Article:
I was reading an article on what “rich people do” that implied that if you wanted to become rich, you should do what they do.
The problem with these sorts of articles, as I’m sure has been explored many times before, is manifold. Firstly, they’re talking about what rich or successful people do now. That is, after they’re rich or successful. Secondly, it could be more a case of correlation as opposed to causation (does eating more healthful foods really make you rich?) And thirdly, they ignore the hordes of people who may already be doing what “successful” people do and yet, as luck would have it, remain unsuccessful.
For example, in the article I cited above:
- If you’re rich, you tend to eat less junk food — maybe it’s because better food makes you think and behave in ways that will make you rich, but maybe it’s just that when you’re rich you’re able to have access to better food?
- If you’re rich, you tend to keep your cards closer to your chest — maybe it’s because saying what’s on your mind causes people to think negatively of you. But it could also be a case of “what got you here won’t get you there” — who knows if it might well be that keeping your cards closer to your chest while in the “lower rungs”, so-to-speak, will prevent you from being noticed from the corporate bigwigs?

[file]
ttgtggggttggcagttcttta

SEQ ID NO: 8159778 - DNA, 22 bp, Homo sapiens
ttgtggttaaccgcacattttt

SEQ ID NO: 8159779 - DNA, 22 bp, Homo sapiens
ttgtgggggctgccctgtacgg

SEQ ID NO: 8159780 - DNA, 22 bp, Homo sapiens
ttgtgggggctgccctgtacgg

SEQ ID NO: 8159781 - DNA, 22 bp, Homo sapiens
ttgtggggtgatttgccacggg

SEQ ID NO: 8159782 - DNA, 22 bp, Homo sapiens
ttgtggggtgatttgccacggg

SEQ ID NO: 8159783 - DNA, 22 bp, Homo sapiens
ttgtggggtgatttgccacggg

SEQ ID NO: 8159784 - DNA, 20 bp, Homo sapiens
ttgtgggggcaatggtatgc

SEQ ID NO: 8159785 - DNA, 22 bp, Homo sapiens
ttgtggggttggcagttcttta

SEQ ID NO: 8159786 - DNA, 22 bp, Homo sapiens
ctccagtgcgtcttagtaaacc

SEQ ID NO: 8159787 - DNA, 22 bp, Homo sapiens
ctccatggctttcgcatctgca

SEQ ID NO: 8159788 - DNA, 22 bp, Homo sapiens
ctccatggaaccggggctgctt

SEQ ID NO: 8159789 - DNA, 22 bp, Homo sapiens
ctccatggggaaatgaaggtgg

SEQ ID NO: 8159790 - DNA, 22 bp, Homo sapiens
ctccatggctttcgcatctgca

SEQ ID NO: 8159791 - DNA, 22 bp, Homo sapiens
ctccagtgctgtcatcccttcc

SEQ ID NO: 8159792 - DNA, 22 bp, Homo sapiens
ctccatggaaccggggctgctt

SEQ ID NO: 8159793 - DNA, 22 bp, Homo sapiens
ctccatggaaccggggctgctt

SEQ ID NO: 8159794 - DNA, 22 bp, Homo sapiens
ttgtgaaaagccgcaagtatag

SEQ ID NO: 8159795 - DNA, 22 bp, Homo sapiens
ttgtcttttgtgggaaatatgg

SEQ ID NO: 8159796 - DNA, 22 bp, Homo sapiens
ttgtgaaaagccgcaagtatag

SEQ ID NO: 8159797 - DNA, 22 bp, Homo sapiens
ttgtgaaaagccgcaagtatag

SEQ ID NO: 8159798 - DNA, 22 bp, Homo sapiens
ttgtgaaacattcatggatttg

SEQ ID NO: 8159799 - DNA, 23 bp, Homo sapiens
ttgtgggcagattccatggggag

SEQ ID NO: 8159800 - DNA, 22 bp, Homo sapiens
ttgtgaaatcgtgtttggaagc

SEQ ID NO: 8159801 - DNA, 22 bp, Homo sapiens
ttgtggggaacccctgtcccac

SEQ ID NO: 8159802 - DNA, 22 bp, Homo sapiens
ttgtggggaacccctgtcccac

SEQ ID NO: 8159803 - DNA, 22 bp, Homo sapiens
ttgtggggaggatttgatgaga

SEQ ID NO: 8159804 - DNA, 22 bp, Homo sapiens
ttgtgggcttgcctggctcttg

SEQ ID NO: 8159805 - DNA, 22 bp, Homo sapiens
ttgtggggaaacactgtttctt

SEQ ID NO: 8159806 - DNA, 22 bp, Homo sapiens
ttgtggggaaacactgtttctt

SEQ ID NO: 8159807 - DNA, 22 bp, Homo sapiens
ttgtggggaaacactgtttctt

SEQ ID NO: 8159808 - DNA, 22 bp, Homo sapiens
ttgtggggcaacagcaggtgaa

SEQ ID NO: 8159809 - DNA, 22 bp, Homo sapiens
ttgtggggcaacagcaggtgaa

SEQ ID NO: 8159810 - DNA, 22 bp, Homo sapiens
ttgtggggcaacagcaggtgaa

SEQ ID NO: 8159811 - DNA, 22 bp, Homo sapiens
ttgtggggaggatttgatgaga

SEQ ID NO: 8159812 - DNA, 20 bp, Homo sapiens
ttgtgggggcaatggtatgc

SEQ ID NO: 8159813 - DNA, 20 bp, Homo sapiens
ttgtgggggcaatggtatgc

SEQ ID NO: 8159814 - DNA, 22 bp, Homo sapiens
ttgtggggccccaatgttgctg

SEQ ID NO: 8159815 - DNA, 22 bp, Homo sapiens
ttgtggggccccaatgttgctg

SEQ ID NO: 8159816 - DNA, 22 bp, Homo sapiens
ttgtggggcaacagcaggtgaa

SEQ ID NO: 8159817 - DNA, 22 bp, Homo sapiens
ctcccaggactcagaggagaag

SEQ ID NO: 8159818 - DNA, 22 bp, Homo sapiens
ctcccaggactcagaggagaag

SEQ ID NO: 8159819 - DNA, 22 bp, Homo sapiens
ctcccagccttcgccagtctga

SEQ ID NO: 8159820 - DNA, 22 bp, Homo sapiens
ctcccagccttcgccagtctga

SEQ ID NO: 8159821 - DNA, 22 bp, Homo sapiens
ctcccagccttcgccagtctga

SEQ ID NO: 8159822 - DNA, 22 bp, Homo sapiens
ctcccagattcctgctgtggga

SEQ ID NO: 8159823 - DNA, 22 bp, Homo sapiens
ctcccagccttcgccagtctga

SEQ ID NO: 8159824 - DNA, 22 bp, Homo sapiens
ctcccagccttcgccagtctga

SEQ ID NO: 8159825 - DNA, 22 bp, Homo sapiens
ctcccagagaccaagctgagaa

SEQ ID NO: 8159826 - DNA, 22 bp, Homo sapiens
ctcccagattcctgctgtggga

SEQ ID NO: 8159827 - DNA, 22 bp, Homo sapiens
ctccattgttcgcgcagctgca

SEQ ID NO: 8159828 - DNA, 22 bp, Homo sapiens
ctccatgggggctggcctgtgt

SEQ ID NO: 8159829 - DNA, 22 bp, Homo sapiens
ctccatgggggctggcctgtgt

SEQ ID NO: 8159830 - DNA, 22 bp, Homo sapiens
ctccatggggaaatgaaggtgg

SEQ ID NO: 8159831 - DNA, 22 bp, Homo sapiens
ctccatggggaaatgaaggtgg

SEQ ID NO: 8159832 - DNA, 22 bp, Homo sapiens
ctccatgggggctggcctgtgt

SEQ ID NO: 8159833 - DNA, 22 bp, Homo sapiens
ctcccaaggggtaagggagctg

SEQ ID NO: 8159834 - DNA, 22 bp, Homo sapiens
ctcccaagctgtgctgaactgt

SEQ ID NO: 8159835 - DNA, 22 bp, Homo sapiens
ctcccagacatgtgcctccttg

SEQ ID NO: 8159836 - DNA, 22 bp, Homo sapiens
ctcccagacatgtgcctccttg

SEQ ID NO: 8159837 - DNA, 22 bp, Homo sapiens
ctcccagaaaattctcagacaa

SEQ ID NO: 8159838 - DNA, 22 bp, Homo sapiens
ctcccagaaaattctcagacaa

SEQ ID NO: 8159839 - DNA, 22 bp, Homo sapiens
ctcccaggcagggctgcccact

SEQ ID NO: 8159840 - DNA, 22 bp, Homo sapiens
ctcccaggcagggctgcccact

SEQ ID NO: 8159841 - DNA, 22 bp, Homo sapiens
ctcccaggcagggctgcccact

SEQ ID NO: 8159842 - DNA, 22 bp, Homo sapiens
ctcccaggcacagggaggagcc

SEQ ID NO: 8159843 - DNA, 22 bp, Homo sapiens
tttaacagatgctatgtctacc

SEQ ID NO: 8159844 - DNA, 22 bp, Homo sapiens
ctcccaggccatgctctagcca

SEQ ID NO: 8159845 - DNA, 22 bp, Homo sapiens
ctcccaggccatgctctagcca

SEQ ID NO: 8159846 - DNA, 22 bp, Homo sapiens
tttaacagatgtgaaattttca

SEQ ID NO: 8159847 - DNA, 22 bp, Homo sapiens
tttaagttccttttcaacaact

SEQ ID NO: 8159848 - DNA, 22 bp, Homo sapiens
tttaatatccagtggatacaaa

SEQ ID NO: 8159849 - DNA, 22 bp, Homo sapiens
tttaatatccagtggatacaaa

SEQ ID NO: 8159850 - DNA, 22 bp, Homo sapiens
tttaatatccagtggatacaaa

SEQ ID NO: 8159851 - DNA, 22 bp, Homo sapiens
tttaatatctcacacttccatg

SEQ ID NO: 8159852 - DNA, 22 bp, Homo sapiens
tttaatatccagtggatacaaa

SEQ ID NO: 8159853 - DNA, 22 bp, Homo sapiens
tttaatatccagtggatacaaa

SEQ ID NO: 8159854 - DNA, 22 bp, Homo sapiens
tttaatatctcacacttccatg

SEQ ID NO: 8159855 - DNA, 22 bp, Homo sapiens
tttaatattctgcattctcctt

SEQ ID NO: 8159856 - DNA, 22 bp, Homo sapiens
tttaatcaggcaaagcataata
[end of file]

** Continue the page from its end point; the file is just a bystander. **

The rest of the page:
- If you’re rich, you tend to set goals — maybe setting goals does get you rich. But it could also be a case of looking at the past and fabricating a cohesive narrative from a haphazard life. I have a hypothesis that goes like this: if you set a goal and failed, you’re more likely to forget having set that goal than if you’d set a goal and succeeded. This would mean that goals leading to success (whatever that is) may be overrepresented?
I’m not saying it’s entirely worthless to study what rich and successful people do, but certainly not in the way it’s currently popularly done.
Rich people tend to drive nice cars. If that’s an activity that’d get me rich, I’m all for it.